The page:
The amount of food a puppy should eat per day depends on multiple factors like age, size, activity level and calorie needs. As a general guideline:
- 8-12 weeks old puppy: 4 meals per day, 1/2 cup to 1 cup per meal
- 3-6 months old puppy: 3 meals per day, 1 to 2 cups per meal
- 6-12 months old puppy: 2 meals per day, 1 to 2.5 cups per meal
However, these are just estimates. The actual amount will vary for each puppy based on breed, current weight and projected adult weight. Follow the feeding guidelines on your puppy food packaging as a starting point and monitor your puppy’s body condition score. Adjust amounts as needed to maintain an ideal weight.
How often should puppies eat?
Puppies need to eat more frequently than adult dogs because of their high energy needs and small stomachs. The general feeding schedule guidelines are:
- 8-12 weeks old: 4 meals per day
- 3-6 months old: 3 meals per day
- 6-12 months old: 2 meals per day
When puppies are weaned off their mother’s milk around 4-6 weeks old, they should be fed 4 times per day. The meals should be spaced out somewhat evenly throughout the day.
Around 3-4 months old, puppy meals can be reduced to 3 per day – breakfast, lunch and dinner. Then down to 2 meals per day – breakfast and dinner – by 6-12 months old.
Two meals a day is typically recommended for adult dogs as well. But some owners continue with 3 meals a day throughout their dog’s life.
Sticking to a consistent feeding schedule helps avoid digestive upsets. And frequent small meals are easier for a puppy to digest than one or two large meals. If you need to be away from home during normal meal times, consider getting an automatic pet feeder.
How much should I feed my puppy?
The amount you should feed your puppy depends on multiple factors:
- Age – calorie needs decrease as puppies get older
- Size – larger breeds need more food than smaller breeds
- Activity level – active puppies require more calories
- Health – medical issues or nutrient deficiencies may increase needs
As a very general guideline, the daily recommended intake for puppies is:
- 2 – 4 pounds of expected adult weight: 1/2 to 1 cup per day
- 5 – 10 pounds of expected adult weight: 1 to 1 1/2 cups per day
- 10 – 25 pounds of expected adult weight: 1 1/2 to 2 1/4 cups per day
- 25+ pounds of expected adult weight: 2 1/4+ cups per day
However, every puppy and breed is different. The best way to determine your puppy’s ideal food amount is to follow the feeding guidelines on your puppy food package. Pet food companies have researched calorie needs based on age, weight and activity. Then adjust up or down as needed to maintain a healthy weight.
Here are some tips for deciding portion sizes:
- Start with the recommended amounts on the packaging and watch your puppy’s weight.
- Weigh out the kibble rather than eyeballing volume amounts which can be inaccurate.
- Use a measuring cup for canned wet foods.
- Divide the total daily amount into the number of scheduled feedings.
For example, if the package recommends 1 1/2 cups per day total and you feed 3 meals – feed 1/2 cup at each meal.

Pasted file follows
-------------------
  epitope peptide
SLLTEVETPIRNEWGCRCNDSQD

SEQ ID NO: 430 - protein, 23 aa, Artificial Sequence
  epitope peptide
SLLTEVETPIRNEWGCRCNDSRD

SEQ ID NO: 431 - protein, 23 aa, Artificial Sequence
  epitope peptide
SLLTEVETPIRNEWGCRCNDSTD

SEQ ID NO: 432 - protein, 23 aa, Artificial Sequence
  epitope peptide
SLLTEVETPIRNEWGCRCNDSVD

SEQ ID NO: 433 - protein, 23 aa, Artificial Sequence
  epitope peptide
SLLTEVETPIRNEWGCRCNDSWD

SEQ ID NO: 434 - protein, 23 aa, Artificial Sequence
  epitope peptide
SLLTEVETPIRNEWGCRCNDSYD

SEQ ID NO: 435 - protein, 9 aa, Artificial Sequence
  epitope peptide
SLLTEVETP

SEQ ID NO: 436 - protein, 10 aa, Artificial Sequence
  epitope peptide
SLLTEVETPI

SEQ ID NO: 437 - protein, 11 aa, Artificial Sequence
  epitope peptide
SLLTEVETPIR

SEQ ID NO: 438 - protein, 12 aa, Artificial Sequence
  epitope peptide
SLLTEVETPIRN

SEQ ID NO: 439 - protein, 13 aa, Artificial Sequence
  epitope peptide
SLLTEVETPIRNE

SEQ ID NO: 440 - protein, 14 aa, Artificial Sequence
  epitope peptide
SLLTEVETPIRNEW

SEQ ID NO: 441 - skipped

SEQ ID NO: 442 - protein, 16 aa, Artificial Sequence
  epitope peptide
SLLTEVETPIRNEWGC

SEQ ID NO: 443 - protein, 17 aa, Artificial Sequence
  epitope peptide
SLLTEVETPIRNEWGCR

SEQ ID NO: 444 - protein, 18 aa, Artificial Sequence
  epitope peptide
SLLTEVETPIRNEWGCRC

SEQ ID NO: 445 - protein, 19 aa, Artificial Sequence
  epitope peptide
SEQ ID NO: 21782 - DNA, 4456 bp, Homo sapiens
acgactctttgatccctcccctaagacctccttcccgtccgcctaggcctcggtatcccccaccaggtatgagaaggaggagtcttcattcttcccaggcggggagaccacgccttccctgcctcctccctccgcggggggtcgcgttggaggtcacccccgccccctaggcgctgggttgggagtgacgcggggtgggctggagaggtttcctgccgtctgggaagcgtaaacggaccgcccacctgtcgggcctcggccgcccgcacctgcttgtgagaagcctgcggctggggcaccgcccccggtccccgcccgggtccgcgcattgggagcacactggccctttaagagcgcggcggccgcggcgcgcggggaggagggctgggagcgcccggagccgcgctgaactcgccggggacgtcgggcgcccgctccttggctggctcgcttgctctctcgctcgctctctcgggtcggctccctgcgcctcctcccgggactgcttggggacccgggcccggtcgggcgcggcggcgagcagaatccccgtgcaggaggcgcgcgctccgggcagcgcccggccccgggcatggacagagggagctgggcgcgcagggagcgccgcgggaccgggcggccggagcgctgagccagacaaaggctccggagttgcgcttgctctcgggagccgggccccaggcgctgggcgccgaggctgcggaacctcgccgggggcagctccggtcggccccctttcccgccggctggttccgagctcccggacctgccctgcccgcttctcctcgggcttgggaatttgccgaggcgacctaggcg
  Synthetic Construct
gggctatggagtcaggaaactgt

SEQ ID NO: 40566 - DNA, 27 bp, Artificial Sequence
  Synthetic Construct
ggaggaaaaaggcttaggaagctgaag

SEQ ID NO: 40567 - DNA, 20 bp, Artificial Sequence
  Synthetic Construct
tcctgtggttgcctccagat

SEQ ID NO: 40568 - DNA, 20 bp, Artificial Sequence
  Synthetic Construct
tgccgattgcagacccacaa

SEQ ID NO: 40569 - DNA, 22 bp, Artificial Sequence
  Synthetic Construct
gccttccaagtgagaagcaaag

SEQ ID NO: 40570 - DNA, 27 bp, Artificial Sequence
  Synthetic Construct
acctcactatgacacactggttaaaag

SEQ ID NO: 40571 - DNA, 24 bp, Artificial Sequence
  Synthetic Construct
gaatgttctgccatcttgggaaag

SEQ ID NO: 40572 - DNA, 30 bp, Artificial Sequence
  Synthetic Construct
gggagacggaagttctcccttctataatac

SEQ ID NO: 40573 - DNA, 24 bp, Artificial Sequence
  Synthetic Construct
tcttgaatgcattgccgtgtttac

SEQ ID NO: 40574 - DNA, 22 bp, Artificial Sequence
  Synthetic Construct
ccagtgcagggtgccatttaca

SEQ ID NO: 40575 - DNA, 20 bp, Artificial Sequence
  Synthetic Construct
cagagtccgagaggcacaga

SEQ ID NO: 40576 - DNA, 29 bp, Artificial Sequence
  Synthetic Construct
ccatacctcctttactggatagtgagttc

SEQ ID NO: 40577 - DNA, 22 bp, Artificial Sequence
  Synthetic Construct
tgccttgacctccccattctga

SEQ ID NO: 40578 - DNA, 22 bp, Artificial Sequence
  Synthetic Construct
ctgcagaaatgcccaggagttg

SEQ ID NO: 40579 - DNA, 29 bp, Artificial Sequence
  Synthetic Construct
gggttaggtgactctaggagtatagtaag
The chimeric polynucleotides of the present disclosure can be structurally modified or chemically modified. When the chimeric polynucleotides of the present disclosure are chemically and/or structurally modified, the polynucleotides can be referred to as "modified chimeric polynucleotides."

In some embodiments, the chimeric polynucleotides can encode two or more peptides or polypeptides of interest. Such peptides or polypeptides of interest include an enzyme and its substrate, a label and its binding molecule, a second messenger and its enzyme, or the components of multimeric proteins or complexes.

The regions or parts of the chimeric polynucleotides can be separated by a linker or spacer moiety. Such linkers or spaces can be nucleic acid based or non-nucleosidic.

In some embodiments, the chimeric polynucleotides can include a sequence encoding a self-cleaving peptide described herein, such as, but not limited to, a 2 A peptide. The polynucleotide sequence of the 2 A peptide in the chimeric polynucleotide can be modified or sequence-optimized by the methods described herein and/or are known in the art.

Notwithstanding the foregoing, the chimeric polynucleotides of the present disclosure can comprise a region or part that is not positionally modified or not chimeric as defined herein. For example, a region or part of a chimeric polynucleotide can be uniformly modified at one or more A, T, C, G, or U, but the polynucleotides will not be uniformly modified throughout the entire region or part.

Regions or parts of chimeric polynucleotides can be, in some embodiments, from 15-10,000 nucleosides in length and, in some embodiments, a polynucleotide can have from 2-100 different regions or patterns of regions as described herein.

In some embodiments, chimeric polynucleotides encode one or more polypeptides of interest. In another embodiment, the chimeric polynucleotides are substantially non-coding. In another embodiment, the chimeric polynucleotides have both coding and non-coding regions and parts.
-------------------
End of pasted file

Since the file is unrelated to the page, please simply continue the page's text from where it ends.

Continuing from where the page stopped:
Also monitor your puppy’s body condition score – you should be able to easily feel their ribs but not see them. Adjust food amounts up or down if they become overweight or too thin. Every puppy is different and their needs change as they grow, so be adaptive. Consult your vet if you are unsure about your puppy’s growth and nutrition.
How to choose a puppy food amount
Choosing the right food amount for your puppy requires considering multiple factors:
1. Expected adult weight
Larger breed puppies who will weigh more as adults require more calories than smaller breeds. So base food amounts on expected mature size.
For example, a St. Bernard puppy expected to weigh 160 lbs needs a lot more food than a Chihuahua expected to weigh only 5 lbs full grown.
2. Puppy food label guidelines
Reputable puppy food brands have researched calorie needs and provide feeding guidelines on the label or website. This takes into account age, weight and activity.
Start with the amounts recommended for your puppy’s current age and weight range. Then adjust up or down as needed.
3. Monitor growth & weight
Weigh your puppy regularly and monitor their body condition score. You should be able to easily feel their ribs but not see them.
If your puppy becomes overweight or too thin, adjust food amounts accordingly. Every puppy grows at a different rate so you may need to tweak portions.
4. Activity level
Active puppies who get a lot of exercise may need more food than indicated for their expected adult weight. Monitor if they seem too thin when fed expected amounts.
Likewise, less active puppies may need less than guidelines. Observe if they become overweight. Adjust amounts to maintain ideal weight.
5. Health conditions
Certain medical conditions like parasites, diarrhea or nutrient deficiencies can increase calorie needs in puppies. Get vet advice on food amounts if your puppy has any health issues.
Any rapid weight loss or gain should also be checked by a vet in case it indicates an underlying problem.
6. Quality of food
Higher quality puppy foods with more natural ingredients, meat proteins and less fillers allow you to feed smaller amounts.
Lower quality foods are less nutrient dense so puppies need to eat more to get the nutrition they need.